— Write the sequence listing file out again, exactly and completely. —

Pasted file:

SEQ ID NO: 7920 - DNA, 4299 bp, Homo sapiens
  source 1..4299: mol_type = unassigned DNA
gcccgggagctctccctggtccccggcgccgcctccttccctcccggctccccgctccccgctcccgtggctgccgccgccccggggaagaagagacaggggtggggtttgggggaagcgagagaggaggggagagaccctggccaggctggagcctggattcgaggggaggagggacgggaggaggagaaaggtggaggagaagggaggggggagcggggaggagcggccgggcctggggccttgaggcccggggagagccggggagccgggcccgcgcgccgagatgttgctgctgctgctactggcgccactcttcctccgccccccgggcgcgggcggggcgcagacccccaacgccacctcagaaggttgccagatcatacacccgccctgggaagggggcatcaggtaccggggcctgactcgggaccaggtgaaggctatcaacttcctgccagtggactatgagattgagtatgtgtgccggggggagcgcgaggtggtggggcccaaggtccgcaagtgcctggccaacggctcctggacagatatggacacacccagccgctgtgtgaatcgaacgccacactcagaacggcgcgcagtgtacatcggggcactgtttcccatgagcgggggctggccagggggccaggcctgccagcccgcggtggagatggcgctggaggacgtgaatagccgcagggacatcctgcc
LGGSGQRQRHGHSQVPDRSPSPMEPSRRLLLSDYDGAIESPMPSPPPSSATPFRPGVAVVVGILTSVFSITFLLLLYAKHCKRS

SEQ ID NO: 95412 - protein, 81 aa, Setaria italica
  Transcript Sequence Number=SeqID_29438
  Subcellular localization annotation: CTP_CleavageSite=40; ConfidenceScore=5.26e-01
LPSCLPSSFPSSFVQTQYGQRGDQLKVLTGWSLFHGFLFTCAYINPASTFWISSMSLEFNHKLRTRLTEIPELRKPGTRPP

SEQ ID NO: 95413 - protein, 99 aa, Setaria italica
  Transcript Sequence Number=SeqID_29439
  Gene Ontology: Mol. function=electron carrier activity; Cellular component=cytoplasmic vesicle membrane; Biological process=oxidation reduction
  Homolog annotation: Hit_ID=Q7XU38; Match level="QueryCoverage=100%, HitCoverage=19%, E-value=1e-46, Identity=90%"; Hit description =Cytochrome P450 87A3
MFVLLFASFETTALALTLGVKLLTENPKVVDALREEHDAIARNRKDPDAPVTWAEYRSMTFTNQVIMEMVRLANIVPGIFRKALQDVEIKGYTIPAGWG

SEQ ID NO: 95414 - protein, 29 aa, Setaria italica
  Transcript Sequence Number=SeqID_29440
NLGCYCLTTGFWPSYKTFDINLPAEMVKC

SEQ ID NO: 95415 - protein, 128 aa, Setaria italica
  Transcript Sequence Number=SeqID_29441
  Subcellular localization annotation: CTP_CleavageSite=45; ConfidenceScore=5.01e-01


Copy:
SEQ ID NO: 7920 - DNA, 4299 bp, Homo sapiens
  source 1..4299: mol_type = unassigned DNA
gcccgggagctctccctggtccccggcgccgcctccttccctcccggctccccgctccccgctcccgtggctgccgccgccccggggaagaagagacaggggtggggtttgggggaagcgagagaggaggggagagaccctggccaggctggagcctggattcgaggggaggagggacgggaggaggagaaaggtggaggagaagggaggggggagcggggaggagcggccgggcctggggccttgaggcccggggagagccggggagccgggcccgcgcgccgagatgttgctgctgctgctactggcgccactcttcctccgccccccgggcgcgggcggggcgcagacccccaacgccacctcagaaggttgccagatcatacacccgccctgggaagggggcatcaggtaccggggcctgactcgggaccaggtgaaggctatcaacttcctgccagtggactatgagattgagtatgtgtgccggggggagcgcgaggtggtggggcccaaggtccgcaagtgcctggccaacggctcctggacagatatggacacacccagccgctgtgtgaatcgaacgccacactcagaacggcgcgcagtgtacatcggggcactgtttcccatgagcgggggctggccagggggccaggcctgccagcccgcggtggagatggcgctggaggacgtgaatagccgcagggacatcctgcc
LGGSGQRQRHGHSQVPDRSPSPMEPSRRLLLSDYDGAIESPMPSPPPSSATPFRPGVAVVVGILTSVFSITFLLLLYAKHCKRS

SEQ ID NO: 95412 - protein, 81 aa, Setaria italica
  Transcript Sequence Number=SeqID_29438
  Subcellular localization annotation: CTP_CleavageSite=40; ConfidenceScore=5.26e-01
LPSCLPSSFPSSFVQTQYGQRGDQLKVLTGWSLFHGFLFTCAYINPASTFWISSMSLEFNHKLRTRLTEIPELRKPGTRPP

SEQ ID NO: 95413 - protein, 99 aa, Setaria italica
  Transcript Sequence Number=SeqID_29439
  Gene Ontology: Mol. function=electron carrier activity; Cellular component=cytoplasmic vesicle membrane; Biological process=oxidation reduction
  Homolog annotation: Hit_ID=Q7XU38; Match level="QueryCoverage=100%, HitCoverage=19%, E-value=1e-46, Identity=90%"; Hit description =Cytochrome P450 87A3
MFVLLFASFETTALALTLGVKLLTENPKVVDALREEHDAIARNRKDPDAPVTWAEYRSMTFTNQVIMEMVRLANIVPGIFRKALQDVEIKGYTIPAGWG

SEQ ID NO: 95414 - protein, 29 aa, Setaria italica
  Transcript Sequence Number=SeqID_29440
NLGCYCLTTGFWPSYKTFDINLPAEMVKC

SEQ ID NO: 95415 - protein, 128 aa, Setaria italica
  Transcript Sequence Number=SeqID_29441
  Subcellular localization annotation: CTP_CleavageSite=45; ConfidenceScore=5.01e-01